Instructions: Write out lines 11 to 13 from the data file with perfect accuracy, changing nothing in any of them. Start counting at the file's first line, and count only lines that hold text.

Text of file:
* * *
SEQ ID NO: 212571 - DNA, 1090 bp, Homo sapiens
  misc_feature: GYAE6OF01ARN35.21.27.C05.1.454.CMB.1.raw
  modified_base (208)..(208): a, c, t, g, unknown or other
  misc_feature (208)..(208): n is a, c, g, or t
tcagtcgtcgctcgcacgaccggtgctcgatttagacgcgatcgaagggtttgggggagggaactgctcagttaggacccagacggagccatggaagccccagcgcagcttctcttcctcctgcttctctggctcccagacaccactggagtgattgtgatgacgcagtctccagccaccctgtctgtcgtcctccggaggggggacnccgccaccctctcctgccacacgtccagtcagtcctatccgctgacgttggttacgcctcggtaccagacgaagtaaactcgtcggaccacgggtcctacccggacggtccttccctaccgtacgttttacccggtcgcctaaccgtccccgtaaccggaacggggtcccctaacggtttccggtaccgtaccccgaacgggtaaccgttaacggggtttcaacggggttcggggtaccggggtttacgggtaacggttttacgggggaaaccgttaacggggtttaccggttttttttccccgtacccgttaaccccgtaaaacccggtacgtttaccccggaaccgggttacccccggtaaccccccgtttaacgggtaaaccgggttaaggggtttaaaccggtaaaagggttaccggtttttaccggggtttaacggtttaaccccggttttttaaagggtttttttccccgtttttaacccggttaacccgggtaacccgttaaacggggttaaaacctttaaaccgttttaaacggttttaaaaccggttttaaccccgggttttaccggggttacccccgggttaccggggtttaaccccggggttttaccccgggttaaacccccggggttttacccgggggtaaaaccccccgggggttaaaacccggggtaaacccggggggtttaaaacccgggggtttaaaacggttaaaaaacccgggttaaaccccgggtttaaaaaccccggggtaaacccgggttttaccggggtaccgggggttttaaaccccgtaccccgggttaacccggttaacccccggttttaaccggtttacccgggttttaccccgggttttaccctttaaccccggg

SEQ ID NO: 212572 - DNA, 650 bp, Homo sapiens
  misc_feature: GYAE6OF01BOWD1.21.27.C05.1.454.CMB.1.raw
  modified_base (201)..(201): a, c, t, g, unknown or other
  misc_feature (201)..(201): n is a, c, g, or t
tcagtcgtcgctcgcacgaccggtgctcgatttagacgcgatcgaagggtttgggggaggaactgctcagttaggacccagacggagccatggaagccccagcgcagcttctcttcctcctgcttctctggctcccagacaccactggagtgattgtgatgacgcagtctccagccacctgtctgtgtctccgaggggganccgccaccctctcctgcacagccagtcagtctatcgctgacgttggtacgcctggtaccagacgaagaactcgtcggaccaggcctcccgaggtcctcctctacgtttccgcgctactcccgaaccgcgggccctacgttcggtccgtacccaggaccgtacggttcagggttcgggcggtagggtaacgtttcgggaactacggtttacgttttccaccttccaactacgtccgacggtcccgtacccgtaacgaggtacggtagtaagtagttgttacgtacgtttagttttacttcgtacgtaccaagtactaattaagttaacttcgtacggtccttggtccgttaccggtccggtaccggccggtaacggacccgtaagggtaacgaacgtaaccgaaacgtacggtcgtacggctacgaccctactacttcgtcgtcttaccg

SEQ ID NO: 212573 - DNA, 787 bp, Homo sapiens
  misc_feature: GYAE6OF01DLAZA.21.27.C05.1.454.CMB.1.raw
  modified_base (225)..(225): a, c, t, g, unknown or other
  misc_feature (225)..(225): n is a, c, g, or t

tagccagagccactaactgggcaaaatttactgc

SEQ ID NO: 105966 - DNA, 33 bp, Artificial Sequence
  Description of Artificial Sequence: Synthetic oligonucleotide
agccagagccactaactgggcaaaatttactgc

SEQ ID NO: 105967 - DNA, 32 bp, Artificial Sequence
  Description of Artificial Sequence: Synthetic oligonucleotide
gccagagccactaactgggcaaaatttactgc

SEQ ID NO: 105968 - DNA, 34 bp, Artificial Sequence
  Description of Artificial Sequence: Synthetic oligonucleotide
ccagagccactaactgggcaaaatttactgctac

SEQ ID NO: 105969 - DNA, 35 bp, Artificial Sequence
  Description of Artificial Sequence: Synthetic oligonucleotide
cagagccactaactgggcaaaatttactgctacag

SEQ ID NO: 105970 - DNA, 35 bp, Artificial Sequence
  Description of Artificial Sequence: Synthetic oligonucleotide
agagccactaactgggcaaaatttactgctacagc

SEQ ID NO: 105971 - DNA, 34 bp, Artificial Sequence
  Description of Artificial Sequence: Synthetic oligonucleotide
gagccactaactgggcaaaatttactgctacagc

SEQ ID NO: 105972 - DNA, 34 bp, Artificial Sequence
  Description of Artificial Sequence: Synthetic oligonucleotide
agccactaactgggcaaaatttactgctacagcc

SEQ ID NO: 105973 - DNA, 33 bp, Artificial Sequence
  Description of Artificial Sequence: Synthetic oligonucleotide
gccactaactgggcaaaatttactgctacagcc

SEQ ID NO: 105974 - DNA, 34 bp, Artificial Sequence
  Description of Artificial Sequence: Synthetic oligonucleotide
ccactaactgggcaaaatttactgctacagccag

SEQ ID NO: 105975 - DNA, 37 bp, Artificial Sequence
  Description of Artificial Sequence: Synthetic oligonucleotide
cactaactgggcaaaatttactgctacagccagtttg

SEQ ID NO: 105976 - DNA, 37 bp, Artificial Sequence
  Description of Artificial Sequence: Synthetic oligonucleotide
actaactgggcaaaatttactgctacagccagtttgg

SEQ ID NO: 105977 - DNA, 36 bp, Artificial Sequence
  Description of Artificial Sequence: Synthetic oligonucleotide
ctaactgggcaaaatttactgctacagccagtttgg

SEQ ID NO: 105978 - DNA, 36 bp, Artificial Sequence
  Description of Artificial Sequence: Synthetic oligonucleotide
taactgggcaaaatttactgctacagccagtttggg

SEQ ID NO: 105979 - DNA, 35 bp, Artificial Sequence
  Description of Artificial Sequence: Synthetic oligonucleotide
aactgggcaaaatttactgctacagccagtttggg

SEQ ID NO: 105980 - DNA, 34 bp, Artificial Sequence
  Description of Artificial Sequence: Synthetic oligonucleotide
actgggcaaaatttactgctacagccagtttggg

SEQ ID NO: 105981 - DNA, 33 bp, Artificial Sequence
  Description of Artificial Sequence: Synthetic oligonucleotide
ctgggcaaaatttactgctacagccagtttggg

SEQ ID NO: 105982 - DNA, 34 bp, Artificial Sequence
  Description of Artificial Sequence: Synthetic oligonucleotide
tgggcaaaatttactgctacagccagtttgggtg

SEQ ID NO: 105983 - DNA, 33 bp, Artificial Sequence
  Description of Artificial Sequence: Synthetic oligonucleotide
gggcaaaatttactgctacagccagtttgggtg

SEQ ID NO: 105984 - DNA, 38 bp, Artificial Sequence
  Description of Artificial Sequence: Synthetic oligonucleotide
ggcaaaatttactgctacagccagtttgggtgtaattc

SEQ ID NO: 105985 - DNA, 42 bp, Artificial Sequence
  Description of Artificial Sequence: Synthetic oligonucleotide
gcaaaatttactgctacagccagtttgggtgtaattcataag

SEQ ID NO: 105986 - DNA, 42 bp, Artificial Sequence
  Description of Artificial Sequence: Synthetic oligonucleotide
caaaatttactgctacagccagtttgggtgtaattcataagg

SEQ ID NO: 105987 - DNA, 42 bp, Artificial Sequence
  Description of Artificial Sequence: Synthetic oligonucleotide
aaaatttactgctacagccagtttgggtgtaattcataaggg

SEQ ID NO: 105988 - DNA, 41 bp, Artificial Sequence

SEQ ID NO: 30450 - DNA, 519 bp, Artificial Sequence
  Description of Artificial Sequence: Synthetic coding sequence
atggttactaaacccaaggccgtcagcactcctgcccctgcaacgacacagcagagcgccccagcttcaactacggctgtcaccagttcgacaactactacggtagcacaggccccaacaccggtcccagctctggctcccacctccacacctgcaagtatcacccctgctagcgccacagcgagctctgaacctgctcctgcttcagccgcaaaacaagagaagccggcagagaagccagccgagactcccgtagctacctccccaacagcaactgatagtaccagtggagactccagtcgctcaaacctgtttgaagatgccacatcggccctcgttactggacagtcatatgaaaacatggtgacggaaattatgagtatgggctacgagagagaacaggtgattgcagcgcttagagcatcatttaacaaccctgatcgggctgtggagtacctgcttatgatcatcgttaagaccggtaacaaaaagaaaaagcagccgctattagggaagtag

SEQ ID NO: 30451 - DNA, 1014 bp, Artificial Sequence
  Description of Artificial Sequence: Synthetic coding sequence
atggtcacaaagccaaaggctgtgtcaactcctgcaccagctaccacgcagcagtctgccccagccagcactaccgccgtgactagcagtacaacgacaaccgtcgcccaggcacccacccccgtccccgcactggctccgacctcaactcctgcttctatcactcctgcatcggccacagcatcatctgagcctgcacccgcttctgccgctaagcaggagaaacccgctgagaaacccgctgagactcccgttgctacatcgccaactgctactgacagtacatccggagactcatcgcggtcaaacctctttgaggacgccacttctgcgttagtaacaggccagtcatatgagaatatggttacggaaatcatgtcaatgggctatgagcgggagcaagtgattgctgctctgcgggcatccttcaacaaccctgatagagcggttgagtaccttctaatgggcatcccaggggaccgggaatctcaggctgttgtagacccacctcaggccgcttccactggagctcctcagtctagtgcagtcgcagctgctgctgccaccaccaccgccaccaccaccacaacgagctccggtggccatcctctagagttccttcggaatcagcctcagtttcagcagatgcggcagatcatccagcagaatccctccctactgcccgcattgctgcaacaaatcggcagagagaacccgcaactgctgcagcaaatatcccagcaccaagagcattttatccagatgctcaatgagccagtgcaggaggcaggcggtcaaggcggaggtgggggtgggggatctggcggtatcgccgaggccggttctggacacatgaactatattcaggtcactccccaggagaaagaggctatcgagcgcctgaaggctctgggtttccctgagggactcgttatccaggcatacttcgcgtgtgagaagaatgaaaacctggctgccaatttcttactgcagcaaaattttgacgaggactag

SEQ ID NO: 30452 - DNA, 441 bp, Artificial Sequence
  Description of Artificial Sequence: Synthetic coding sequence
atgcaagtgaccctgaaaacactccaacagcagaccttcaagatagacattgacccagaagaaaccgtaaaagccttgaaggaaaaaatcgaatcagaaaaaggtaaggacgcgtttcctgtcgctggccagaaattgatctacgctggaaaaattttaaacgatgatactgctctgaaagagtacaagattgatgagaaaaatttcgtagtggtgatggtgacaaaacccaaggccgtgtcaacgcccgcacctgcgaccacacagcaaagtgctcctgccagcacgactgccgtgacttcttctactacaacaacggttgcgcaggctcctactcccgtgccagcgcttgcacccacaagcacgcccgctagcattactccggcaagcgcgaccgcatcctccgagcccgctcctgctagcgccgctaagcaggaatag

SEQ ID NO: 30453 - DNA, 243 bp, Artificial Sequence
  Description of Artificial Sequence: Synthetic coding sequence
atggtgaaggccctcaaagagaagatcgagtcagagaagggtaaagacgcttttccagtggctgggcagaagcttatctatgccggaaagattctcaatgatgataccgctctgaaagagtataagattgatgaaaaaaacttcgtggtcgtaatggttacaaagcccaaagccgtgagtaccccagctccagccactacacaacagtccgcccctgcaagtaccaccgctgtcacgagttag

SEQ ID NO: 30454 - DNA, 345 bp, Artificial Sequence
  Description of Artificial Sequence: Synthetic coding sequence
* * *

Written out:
SEQ ID NO: 212573 - DNA, 787 bp, Homo sapiens
  misc_feature: GYAE6OF01DLAZA.21.27.C05.1.454.CMB.1.raw
  modified_base (225)..(225): a, c, t, g, unknown or other